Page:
NASA: Long-Term Commitment to and Investment in Space Exploration Program Requires More Knowledge

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Correspondence issued by the Government Accountability Office with an abstract that begins "The National Aeronautics and Space Administration (NASA) plans to spend nearly $230 billion over the next two decades implementing the Vision for Space Exploration. In January 2006, NASA publicly released its Exploration Systems Architecture Study (ESAS), which is an effort to identify the best architecture and strategy to implement the President's 2004 Vision for Space Exploration (Vision). The cost estimate for implementing the ESAS through fiscal year 2011 exceeds $31 billion. The estimate through fiscal year 2018 is over $122 billion, and the estimate through fiscal year 2025 ... continued below

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United States. Government Accountability Office. July 17, 2006.

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Correspondence issued by the Government Accountability Office with an abstract that begins "The National Aeronautics and Space Administration (NASA) plans to spend nearly $230 billion over the next two decades implementing the Vision for Space Exploration. In January 2006, NASA publicly released its Exploration Systems Architecture Study (ESAS), which is an effort to identify the best architecture and strategy to implement the President's 2004 Vision for Space Exploration (Vision). The cost estimate for implementing the ESAS through fiscal year 2011 exceeds $31 billion. The estimate through fiscal year 2018 is over $122 billion, and the estimate through fiscal year 2025 is nearly $230 billion. These estimates include the architecture, robotic precursor missions, supporting technologies, and funding needed to service the International Space Station (ISS). NASA plans to implement this architecture through a "go as you can afford to pay" approach, wherein lower-priority efforts would be deferred, descoped, or discontinued to allow NASA to stay within its available budget profile. This approach assumes NASA's budget will increase moderately to keep pace with inflation. Given the long-term fiscal imbalances that will challenge the entire federal government now and in the future, it would be prudent for NASA to establish a program that reduces the risk that significant additional funding, beyond moderate increases for inflation, will be required to execute the program. Government leaders will have to make difficult decisions to resolve such challenges, and the debate over the potential cost and the federal government's role in implementing the Vision are emblematic of the challenges the nation will need to resolve in the years ahead. Because of the significance of this investment, competing demands on the federal discretionary budget, and the importance of the success of NASA's exploration program to the future of U.S. human spaceflight, Congress requested that GAO assess (1) the extent to which NASA has identified the architecture and costs necessary to implement the Vision, (2) whether NASA's exploration architecture cost estimates fit within the agency's projected available budgets, and (3) the risks associated with NASA's acquisition strategy for the Crew Exploration Vehicle (CEV) project."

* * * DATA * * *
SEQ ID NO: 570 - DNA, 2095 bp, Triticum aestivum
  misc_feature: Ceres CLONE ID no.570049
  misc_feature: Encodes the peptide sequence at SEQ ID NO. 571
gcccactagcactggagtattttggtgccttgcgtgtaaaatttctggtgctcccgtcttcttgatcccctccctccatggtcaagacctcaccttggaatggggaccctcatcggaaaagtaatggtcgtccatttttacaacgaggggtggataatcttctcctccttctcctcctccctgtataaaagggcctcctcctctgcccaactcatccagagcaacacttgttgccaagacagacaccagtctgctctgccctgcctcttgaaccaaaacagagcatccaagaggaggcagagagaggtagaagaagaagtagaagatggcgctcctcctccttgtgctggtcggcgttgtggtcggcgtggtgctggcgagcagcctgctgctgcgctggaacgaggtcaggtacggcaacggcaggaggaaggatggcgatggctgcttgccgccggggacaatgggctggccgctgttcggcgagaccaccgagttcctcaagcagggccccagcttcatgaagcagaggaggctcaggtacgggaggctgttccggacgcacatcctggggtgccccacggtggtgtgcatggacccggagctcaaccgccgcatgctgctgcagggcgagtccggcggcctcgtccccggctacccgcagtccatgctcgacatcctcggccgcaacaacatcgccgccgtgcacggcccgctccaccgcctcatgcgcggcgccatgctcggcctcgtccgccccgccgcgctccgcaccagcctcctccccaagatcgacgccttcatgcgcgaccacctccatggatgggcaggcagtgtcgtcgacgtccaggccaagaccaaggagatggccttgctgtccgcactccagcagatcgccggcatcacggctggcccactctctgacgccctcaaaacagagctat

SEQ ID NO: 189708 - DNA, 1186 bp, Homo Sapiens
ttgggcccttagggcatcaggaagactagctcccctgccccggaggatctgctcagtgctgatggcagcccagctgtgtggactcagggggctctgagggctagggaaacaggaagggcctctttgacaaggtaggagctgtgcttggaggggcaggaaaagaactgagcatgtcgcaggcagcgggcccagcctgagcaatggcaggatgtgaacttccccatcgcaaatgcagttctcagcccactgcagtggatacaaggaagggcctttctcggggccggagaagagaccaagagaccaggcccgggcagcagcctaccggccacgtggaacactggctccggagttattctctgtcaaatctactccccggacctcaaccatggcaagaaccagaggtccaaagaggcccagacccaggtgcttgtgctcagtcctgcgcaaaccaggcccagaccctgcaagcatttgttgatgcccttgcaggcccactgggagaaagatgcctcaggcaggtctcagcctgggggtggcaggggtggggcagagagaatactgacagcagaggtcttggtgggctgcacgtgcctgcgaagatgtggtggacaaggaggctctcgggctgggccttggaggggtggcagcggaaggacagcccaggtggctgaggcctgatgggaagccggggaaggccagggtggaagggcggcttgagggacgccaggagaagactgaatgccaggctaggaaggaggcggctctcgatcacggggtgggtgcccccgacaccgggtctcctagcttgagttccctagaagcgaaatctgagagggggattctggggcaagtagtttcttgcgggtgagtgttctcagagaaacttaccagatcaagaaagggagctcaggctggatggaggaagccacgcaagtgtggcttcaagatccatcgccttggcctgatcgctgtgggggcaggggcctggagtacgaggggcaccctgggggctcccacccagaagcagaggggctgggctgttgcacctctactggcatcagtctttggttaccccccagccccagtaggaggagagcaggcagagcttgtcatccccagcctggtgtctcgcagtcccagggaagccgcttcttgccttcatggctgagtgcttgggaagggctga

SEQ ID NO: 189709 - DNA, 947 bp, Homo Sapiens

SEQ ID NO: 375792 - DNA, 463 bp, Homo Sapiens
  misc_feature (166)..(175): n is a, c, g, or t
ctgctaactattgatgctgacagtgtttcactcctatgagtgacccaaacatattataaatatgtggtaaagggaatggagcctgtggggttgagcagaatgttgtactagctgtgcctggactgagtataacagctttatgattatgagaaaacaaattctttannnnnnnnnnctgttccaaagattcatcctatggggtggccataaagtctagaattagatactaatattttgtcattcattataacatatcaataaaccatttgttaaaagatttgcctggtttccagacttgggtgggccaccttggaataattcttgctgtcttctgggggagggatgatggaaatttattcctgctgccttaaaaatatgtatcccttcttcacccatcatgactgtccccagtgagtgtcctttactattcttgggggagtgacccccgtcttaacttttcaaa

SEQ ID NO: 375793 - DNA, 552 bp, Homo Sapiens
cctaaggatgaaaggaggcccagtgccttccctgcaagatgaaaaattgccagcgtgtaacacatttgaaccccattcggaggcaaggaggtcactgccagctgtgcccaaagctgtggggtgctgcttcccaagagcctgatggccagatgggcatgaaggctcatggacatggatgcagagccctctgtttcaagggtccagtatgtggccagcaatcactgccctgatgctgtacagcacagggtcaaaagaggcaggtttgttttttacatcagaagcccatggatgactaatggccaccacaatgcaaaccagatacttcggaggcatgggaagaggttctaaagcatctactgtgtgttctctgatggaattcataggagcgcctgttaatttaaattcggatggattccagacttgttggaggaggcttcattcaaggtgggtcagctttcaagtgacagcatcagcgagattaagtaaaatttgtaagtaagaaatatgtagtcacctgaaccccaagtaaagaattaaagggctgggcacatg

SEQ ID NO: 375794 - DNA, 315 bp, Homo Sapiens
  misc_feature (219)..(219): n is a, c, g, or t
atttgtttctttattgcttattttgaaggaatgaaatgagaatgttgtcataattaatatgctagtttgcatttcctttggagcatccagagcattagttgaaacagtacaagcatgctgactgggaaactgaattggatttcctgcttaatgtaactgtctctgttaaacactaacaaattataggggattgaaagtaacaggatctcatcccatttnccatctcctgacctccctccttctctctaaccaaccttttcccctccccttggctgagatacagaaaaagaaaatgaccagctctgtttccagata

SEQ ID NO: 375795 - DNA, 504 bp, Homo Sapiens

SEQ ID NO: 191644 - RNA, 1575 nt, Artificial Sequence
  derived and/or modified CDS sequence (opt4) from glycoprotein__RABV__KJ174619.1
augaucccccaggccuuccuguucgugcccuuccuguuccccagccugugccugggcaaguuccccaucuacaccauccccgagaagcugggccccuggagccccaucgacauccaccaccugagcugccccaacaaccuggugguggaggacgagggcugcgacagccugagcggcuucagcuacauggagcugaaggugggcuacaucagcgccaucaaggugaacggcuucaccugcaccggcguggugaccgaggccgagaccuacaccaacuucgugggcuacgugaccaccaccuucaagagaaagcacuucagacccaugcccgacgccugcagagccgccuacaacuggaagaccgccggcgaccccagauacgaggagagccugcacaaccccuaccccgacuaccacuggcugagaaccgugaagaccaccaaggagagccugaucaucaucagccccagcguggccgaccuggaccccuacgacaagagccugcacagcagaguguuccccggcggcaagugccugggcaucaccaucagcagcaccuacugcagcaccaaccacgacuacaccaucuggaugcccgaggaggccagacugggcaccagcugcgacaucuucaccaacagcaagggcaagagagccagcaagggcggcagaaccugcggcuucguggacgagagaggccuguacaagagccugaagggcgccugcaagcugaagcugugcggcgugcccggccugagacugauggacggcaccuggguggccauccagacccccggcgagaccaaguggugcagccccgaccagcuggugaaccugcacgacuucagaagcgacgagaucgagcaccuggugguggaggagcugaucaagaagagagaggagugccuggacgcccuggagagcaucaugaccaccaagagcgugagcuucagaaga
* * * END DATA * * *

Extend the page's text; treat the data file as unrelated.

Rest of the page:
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Government Accountability Office Reports

The U.S. Government Accountability Office (GAO) is an independent, nonpartisan agency that works for the U.S. Congress investigating how the federal government spends taxpayers' money. Its goal is to increase accountability and improve the performance of the federal government. The Government Accountability Office Reports Collection consists of over 13,000 documents on a variety of topics ranging from fiscal issues to international affairs.

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  • July 17, 2006

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  • June 12, 2014, 7:50 p.m.

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United States. Government Accountability Office. NASA: Long-Term Commitment to and Investment in Space Exploration Program Requires More Knowledge, text, July 17, 2006; Washington D.C.. (digital.library.unt.edu/ark:/67531/metadc300019/: accessed September 24, 2017), University of North Texas Libraries, Digital Library, digital.library.unt.edu; crediting UNT Libraries Government Documents Department.